Consider some entries: I love ''Defrost Day,'' submitted by Lea Burkhard, of Howell, N.J., who also recommends that we drink ''Bloody Marishkas.'' Cathi Monks, Topeka, Kan., suggests ''Thaw Day.'' Both Craig Howard, Brea, Calif., and Stuart Brynien, Brooklyn, N.Y., offer ''Borscht Day.''
Personalities: Elaine Leuci, Amityville, N.Y., and Joe Herman, New York, N.Y., suggest ''Ronald Reagan Day,'' while Mildred Hudson, Orange, Texas, offers ''Gipper Goals Day.'' Dr. Archimedes Concon, Memphis, Tenn., picks ''Gorbachev Day.'' James Neuman, Sidney, Neb., picks ''Kerensky Future Freedom Day'' (Boris Yeltsin is not the first elected Russian president).
''Peace Through Strength Day'' (Robert Dick, Somerville, N.J.) has the process right, and his date, March Fourth, is an English military command.
Chuck Foster, Valley Stream, N.Y., suggests ''E Day'' for ''Evil Empire Ends.'' Then there is ''E2D2''; you know, ''Evil Empire Death Day,'' (James Murphy, Ridgecrest, Calif.). How about ''Sans Soviet Day'' (John Sullivan, Denville, N.J.)? And Robert Taylor, Timonium, Md., offers ''Brumaire Day,'' the 18th of Brumaire, November 9, when Napoleon couped the Republic, reminding us to be ever vigilant.
Scores of respondents offered ''Liberty Day,'' ''Democracy Day,'' ''Freedom Day.'' Several suggested ''Wall Day.'' Many proposed November 9, when the Berlin Wall fell.
I like ''Jericho Day'' (Al Villano, Bronx, N.Y.). An American trumpet and a Western orchestra blew away the Iron Curtain just as surely as Joshua's ram's horn toppled Jericho's walls.
For a date: Perhaps June 5, Adam Smith's birthday (1723). He knew early that prosperity and freedom are linked (Gerald Schneider, Kensington, Md.). August is a holiday-less month, notes Bob Shuler, Arlington, Va.; others picked August to memorialize the failed Soviet coup.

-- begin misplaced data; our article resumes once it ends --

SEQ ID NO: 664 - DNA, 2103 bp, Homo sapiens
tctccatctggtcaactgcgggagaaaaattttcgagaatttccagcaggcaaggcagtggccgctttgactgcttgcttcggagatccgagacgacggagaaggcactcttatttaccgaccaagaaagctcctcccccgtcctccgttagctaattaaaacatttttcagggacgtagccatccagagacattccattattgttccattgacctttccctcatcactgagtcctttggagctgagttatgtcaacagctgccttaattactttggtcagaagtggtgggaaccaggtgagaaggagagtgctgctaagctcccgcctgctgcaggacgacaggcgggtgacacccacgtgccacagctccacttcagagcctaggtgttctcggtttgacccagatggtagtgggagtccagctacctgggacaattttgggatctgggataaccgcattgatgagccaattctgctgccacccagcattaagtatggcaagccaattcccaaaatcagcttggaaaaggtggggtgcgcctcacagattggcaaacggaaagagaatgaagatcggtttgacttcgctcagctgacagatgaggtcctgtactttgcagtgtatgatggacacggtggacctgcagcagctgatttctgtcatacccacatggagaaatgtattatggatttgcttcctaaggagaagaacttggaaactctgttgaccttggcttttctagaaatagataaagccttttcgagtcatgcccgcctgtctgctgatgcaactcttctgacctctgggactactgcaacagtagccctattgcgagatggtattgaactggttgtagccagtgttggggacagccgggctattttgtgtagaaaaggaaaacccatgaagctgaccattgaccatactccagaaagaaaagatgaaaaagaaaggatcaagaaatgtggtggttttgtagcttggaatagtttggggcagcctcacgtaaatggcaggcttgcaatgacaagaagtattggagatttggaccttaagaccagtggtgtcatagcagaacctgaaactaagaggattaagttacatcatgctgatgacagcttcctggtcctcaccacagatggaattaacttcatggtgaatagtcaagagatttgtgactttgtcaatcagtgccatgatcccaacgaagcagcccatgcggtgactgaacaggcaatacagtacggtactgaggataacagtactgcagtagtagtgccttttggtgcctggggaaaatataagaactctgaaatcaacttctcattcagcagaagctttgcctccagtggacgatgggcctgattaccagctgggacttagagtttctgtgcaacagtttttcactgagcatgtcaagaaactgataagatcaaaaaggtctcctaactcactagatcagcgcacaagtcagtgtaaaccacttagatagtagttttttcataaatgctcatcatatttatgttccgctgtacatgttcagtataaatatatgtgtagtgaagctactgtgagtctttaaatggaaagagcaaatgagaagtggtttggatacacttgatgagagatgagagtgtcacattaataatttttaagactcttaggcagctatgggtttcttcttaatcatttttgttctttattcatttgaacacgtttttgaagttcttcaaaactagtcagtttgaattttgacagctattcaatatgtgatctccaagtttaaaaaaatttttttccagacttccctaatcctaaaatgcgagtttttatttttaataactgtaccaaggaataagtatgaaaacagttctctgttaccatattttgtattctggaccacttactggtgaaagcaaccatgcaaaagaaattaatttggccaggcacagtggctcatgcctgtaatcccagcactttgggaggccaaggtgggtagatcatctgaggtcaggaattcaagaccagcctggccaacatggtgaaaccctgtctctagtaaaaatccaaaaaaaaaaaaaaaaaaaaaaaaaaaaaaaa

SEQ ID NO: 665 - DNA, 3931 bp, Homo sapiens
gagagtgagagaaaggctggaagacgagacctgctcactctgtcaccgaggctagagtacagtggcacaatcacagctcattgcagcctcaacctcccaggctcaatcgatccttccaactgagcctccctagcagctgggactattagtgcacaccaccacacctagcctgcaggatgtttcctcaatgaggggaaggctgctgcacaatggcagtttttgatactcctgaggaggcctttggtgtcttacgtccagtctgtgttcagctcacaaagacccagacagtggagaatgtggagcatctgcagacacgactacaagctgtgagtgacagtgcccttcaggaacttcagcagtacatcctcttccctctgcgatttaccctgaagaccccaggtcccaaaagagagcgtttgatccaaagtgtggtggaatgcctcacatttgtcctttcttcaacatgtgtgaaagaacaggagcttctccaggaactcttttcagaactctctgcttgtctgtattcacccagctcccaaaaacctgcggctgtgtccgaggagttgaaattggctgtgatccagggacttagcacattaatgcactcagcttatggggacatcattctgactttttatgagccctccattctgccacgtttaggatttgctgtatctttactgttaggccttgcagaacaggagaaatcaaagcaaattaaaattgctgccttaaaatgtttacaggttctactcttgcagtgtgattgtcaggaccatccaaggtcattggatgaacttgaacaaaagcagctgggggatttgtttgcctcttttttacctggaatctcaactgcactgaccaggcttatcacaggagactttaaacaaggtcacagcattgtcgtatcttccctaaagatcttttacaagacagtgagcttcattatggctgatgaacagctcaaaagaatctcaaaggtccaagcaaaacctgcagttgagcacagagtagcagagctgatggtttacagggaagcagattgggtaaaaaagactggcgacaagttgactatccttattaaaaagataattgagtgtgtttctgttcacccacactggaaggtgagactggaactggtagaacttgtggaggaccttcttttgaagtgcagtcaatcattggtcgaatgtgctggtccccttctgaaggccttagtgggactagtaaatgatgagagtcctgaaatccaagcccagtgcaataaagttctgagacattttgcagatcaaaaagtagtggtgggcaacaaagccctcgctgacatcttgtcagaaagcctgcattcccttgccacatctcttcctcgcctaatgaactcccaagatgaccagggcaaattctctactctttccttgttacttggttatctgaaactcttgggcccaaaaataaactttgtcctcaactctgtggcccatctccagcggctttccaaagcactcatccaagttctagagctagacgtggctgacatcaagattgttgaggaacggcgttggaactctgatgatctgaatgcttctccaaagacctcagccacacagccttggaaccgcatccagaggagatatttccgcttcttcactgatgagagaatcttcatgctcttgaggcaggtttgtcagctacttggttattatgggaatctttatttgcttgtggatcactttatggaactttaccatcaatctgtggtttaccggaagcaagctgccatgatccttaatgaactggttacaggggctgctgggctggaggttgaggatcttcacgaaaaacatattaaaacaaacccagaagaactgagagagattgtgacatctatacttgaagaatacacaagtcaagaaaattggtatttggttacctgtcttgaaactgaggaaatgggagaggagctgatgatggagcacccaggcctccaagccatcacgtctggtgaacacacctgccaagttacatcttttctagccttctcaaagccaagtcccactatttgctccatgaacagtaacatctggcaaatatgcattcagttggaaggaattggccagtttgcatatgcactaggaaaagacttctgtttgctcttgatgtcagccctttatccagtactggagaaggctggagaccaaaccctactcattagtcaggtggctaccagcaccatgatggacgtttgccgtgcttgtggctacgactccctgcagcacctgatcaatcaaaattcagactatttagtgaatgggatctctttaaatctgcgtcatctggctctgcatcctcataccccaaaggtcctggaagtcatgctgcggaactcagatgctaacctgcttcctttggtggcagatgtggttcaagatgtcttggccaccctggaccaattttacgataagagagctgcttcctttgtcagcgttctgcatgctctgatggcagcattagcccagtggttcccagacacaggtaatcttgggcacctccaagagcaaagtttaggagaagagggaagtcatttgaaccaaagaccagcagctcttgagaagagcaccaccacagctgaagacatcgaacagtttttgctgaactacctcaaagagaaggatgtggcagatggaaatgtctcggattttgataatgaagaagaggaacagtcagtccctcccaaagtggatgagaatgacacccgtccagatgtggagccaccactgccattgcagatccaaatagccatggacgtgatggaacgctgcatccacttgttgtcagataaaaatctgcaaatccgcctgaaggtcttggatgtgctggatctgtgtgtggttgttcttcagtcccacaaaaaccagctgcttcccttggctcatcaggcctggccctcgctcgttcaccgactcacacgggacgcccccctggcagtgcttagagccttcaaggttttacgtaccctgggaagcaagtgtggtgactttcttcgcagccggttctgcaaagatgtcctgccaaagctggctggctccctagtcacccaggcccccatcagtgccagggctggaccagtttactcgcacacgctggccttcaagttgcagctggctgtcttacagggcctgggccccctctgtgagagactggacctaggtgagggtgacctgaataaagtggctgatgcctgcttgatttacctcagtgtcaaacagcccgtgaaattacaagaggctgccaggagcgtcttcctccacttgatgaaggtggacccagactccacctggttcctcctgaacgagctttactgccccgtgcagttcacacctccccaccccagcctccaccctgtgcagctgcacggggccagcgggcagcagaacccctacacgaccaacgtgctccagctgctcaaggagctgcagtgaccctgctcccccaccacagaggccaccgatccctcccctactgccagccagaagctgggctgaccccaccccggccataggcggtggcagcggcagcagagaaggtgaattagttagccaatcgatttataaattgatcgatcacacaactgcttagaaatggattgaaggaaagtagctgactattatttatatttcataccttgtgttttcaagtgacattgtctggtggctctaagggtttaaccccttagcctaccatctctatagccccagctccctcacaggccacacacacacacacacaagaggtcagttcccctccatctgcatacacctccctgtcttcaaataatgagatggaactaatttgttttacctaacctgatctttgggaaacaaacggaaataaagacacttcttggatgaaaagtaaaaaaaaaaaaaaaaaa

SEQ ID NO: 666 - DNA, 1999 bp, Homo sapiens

How should we celebrate? Tom Gill, North Beach, Md., says everyone, everywhere, should clap hands, eliminating the language barrier. Saradell Crawford, San Antonio, Texas, suggests prayer. David Singer, New York, N.Y., says write a caustic letter to the editor, celebrate religion, travel across a border, make a public speech, or see a dirty movie -- impossible acts in an unfree country.
Lots of folks said: No gloating; we're not perfect; welcome immigrants; celebrate in Spring; meditate; go global; thank God for peace.
Jennie Pitkus, Tunkhannock, Pa., says eat potatoes, the universal food, and pray for the Chinese. Karl Landstrom, Arlington, Va., says burn a red commie flag and hoist a white one for peace. Doug Weiskopf, Panorama City, Calif., says send money to feed Russians. Edward Aboufadel, New Brunswick, N.J., is into ice sculptures, of rockets, presidents, hammers and sickles. Capt. Richard McKinney of Elmendorf AFB, Alaska, says build a sibling to the Statue of Liberty. Beth Crawford, Anchorage, Alaska, proposes a U.N.-sponsored stamp.
Edward Wynne, University of Illinois, Chicago, proposes an awesome monument at the ''V'' where the rivers meet at Harper's Ferry, W.Va. An activist, Mr. Wynne has already drafted congressional legislation.
Keith Pepys, Buena Park, Calif., expressed what many respondents felt. He recalls the complacency while we lived hair-triggered to a nuclear holocaust, and says, ''the whole world can breathe easy after holding its breath for 50 years.''
Let's keep the ball rolling. The contest is open until January 31. Respondents may suggest new names and/or dates and rituals, or endorse ideas listed above. No essays necessary. Enclose a clipping of this column identifying the publishing newspaper. Send to: Ben Wattenberg, c/o Baltimore Sun, or c/o Newspaper Enterprise Association, 200 Park Ave. New York, N.Y. 10166.
Eventually, the best entries will be forwarded to Congress and the president for action. Let's make it happen. That's how it works in a democracy.
Ben Wattenberg, a fellow at the American Enterprise Institute, is author of ''The First Universal Nation.''